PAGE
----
There is one class of persons, however, to you know. The aim of a magazine is not to whom it is a real pleasure to send rejection publish more mistakes, it is to publish the slips, and for their benefit a harassed editor best work it can get. Compare your rejected wishes at times that slips might be worded story with an average story in the United more harshly than they are. This class is States Magazine, and don't feel hurt unless composed exclusively of young men, and they you cannot, honestly, see any points in which run to poetry. The poetry is intended to be the majority of the accepted stories are not amusing, but is always cheap and often vul- superior to yours. Faults do glare dreadfully gar. It is accompanied by a note to this

in print. effect : "I am sending you some stuff which Next comes the last class of stories I dashed off. . . If you like this kind of those that get in. Roughly speaking, they are junk, let me know, as I can send it to you till not more than one per cent. of those we ediyou get tired of it.” Leaving out of con- tors read. Most of them come from agensideration the tact involved in seeking to cies, or from authors the editors know. This tempt an editor with "junk" — which is, I as- is not because “pull” counts. It is simply sume, an effort of modesty — there are, with- because successful authors are successful as out doubt, some 100,000,000 other people in the result of long practice, which has brought the United States who could write it equally them in touch with the personnel of the ediwell. If the authors would only not send it torial offices. As for the agencies, those of in with such patronizing assurance !

the better class get an author a hearing beThese are a few of the more striking varie- cause they will not attempt to sell stories that ties of the worthless manuscripts, from the do not come up to a certain standard. Their magazine editor's point of view. Such backing means that a story is a good one. manuscripts are so fundamentally hopeless Agencies which do not do this are more of a that the question of the values of the ideas hindrance to an author than a help. embodied in them, or the method of their And if editors are funny things, authors treatment, does not arise.

are funny, too. We love them and need Next come the manuscripts which, like the them, but they are funny. They complain gentleman in Mr. Kipling's poem, can be as- because their manuscripts are returned to signed to neither Heaven nor Hell. They are them too promptly ; they complain because of two kinds stories which have no par- their manuscripts are kept too long. If you ticular idea but which are well written, and want anything from an editor it would seem stories which are not well written but are the part of wisdom to treat him kindly, at based upon a good idea.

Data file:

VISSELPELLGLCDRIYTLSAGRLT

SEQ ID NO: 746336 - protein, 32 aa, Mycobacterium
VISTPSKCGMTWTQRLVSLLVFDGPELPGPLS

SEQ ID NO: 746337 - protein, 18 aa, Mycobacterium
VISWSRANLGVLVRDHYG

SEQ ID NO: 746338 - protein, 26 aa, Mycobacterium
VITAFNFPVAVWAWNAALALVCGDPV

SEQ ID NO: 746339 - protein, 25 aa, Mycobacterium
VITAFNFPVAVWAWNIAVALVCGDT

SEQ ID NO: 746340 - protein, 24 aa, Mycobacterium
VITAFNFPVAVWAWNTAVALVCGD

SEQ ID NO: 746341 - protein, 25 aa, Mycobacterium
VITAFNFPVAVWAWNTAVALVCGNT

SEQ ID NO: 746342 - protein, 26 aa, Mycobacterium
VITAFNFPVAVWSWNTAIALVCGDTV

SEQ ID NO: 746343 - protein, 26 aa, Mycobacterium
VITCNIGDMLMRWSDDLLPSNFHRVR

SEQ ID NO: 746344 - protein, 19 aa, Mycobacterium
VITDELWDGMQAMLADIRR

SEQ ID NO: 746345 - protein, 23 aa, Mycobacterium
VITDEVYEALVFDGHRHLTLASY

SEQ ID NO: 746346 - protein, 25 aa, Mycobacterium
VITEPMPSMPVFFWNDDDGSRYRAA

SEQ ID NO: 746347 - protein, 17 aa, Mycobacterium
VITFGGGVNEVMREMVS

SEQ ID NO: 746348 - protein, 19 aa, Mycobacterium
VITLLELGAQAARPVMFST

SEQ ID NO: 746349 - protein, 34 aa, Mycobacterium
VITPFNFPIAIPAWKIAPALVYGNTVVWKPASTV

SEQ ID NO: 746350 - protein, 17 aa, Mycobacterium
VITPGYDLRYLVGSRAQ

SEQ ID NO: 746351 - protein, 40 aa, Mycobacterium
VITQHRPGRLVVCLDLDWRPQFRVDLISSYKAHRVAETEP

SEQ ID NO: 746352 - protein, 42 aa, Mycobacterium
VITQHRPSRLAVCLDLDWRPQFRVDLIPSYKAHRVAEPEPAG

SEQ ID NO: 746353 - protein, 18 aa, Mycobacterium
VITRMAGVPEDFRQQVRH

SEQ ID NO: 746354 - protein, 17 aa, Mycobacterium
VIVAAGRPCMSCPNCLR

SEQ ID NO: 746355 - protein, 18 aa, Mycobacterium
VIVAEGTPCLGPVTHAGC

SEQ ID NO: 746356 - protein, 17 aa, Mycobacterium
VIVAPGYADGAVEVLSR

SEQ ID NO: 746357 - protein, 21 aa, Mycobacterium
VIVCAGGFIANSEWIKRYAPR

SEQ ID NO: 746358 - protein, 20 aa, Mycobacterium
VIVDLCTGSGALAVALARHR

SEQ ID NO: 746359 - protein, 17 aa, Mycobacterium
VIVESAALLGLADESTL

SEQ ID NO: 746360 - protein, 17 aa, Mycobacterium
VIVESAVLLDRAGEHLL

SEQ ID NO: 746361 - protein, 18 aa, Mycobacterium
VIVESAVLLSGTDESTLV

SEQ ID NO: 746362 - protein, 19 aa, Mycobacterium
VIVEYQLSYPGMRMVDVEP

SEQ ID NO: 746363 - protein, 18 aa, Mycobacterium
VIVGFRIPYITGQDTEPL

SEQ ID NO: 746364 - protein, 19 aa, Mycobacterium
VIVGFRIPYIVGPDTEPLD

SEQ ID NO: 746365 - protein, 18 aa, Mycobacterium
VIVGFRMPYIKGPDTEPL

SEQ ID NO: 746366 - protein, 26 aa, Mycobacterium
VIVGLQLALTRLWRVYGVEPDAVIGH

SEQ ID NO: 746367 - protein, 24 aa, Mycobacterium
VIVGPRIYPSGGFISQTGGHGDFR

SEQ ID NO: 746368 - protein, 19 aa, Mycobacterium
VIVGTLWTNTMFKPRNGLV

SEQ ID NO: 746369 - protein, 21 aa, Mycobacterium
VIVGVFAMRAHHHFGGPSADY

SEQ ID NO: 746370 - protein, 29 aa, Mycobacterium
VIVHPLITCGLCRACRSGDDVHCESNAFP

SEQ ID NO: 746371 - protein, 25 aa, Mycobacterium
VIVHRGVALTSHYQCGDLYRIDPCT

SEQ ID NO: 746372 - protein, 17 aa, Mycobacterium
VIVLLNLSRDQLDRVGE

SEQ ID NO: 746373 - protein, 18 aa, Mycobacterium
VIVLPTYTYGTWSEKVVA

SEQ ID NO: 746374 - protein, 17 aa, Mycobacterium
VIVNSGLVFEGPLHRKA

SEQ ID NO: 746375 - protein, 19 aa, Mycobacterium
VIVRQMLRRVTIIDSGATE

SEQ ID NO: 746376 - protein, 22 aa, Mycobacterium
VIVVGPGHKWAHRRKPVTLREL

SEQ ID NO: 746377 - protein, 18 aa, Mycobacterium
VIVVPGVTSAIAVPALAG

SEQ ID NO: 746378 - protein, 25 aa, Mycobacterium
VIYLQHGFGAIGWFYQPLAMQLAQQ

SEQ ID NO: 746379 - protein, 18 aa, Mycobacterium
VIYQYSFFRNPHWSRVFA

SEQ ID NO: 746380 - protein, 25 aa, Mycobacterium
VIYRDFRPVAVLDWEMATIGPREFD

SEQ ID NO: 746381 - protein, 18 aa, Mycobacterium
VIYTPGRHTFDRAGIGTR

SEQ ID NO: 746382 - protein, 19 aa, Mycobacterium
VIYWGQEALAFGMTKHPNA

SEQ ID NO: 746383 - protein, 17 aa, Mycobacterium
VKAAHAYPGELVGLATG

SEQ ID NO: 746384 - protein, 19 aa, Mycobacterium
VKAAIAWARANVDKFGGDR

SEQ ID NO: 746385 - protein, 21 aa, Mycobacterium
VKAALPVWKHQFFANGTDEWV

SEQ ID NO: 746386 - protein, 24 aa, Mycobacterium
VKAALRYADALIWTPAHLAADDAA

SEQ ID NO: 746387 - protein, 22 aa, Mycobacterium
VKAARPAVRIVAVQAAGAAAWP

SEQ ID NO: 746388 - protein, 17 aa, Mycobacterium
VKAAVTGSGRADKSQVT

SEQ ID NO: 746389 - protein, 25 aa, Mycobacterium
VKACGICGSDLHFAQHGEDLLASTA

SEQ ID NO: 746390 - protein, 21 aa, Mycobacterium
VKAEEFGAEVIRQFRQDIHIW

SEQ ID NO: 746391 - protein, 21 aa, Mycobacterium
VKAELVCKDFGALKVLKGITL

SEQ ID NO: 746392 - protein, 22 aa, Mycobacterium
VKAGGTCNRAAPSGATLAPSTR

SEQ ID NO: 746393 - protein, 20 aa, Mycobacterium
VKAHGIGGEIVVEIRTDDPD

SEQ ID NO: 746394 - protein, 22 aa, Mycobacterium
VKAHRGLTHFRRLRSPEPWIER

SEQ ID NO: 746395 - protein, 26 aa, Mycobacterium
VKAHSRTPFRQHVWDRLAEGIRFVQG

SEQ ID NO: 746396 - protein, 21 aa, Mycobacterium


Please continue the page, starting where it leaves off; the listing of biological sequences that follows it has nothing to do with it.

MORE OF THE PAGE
least until you are sure you are not going to Usually, nothing can be done with stories get it ; but “treat 'em rough

appears to be in the first of these divisions. If a story is the motto of many authors. I especially renot based upon a good idea, no amount of member one letter ( which came, I admit, good writing will pull it through. Stories of after a rejection ) from a gentleman in Oklathe second class, however, can occasionally homa who described himself on his letterbe rewritten by the author in accordance head as a “ Literary Artist.” He told with criticisms by the editor, and pulled into what he thought of us in the plainest lanthe acceptable class. These are the manu- guage for eight long pages, ending with the scripts which call forth objurgations from information that he was rapidly becoming unsuccessful authors. "I read 'Mrs. Jones' famous (in proof of which he enclosed a Second Husband' in the United States Maga- laudatory editorial from a paper which I will zine for September," they write. “My story here designate as the Kansas State Farmer ), is every bit as good as that " -- which some- and that the time was, thank God, speedily